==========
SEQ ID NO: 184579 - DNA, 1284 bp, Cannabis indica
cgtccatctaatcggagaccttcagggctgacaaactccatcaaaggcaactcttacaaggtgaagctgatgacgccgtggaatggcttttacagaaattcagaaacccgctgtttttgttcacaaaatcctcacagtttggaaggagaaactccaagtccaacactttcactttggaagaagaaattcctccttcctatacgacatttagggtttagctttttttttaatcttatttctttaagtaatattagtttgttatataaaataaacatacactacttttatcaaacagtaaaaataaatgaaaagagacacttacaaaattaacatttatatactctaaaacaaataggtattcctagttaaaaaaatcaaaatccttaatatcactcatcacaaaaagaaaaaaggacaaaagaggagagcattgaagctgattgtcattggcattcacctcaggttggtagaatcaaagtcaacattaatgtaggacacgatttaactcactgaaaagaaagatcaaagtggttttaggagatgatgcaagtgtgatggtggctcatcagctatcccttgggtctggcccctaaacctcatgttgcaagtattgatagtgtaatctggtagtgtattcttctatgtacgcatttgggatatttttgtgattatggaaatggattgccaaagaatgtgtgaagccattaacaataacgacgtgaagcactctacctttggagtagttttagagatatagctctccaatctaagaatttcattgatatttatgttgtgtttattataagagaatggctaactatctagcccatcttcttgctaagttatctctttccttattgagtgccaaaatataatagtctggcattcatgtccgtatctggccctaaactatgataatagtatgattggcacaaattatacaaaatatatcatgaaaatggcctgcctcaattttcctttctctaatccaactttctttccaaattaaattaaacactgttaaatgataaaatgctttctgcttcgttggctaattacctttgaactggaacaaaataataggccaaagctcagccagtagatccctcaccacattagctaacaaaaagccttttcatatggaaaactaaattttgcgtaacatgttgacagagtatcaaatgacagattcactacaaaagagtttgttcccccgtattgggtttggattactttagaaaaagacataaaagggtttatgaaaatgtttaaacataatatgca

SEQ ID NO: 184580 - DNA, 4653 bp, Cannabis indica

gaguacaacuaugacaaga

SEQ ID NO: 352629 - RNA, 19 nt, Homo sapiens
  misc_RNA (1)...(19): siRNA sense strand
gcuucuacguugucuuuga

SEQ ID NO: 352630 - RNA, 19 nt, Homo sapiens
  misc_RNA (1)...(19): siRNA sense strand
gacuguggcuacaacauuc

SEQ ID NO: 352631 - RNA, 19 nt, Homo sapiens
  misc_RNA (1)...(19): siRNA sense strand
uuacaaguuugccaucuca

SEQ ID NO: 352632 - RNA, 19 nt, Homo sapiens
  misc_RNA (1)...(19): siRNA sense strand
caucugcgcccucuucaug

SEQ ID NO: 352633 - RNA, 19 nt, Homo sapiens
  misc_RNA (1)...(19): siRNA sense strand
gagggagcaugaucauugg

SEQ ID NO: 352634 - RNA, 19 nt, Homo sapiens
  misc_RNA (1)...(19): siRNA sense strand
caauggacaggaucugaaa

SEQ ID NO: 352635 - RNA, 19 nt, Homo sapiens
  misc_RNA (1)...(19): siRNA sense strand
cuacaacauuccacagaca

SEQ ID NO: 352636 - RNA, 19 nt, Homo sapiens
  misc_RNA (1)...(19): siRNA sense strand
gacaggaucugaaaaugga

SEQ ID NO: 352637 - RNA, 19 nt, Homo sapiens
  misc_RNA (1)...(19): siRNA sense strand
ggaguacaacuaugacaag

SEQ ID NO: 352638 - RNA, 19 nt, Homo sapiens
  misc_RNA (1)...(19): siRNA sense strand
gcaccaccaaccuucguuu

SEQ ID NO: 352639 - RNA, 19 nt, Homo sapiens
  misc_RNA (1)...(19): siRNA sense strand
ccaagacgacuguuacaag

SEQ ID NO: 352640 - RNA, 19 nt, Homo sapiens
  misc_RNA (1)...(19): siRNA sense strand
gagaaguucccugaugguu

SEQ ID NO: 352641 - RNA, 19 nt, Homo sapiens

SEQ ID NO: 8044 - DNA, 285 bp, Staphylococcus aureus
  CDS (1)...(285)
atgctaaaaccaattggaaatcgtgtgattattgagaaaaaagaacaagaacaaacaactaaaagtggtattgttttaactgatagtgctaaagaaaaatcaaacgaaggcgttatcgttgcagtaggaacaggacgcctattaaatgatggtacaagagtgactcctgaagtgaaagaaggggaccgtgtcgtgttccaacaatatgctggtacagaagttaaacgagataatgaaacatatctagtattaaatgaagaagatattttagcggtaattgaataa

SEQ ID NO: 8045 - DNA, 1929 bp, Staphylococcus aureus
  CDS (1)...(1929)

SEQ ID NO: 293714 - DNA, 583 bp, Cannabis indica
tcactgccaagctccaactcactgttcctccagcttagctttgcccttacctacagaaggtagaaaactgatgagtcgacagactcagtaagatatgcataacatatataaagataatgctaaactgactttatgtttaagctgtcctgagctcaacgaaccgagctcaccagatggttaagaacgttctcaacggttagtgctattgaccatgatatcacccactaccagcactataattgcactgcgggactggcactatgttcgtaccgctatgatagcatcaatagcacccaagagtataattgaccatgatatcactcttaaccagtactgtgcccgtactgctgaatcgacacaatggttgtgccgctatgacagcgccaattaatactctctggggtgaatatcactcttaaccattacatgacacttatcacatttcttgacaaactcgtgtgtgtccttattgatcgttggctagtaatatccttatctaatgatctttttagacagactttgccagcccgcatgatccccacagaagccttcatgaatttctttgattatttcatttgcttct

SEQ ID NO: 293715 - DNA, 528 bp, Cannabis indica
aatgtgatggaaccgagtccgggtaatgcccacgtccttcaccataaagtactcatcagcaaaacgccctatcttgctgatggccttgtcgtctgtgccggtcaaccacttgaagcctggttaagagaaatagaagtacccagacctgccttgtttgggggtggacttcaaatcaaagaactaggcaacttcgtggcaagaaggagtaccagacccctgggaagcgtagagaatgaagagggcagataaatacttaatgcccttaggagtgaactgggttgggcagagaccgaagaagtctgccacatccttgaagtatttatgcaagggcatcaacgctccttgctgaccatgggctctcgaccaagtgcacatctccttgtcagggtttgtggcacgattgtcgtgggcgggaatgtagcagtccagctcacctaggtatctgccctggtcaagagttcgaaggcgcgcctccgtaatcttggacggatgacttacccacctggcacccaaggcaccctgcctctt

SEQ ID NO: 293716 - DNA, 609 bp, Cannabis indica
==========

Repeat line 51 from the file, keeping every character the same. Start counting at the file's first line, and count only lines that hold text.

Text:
SEQ ID NO: 293716 - DNA, 609 bp, Cannabis indica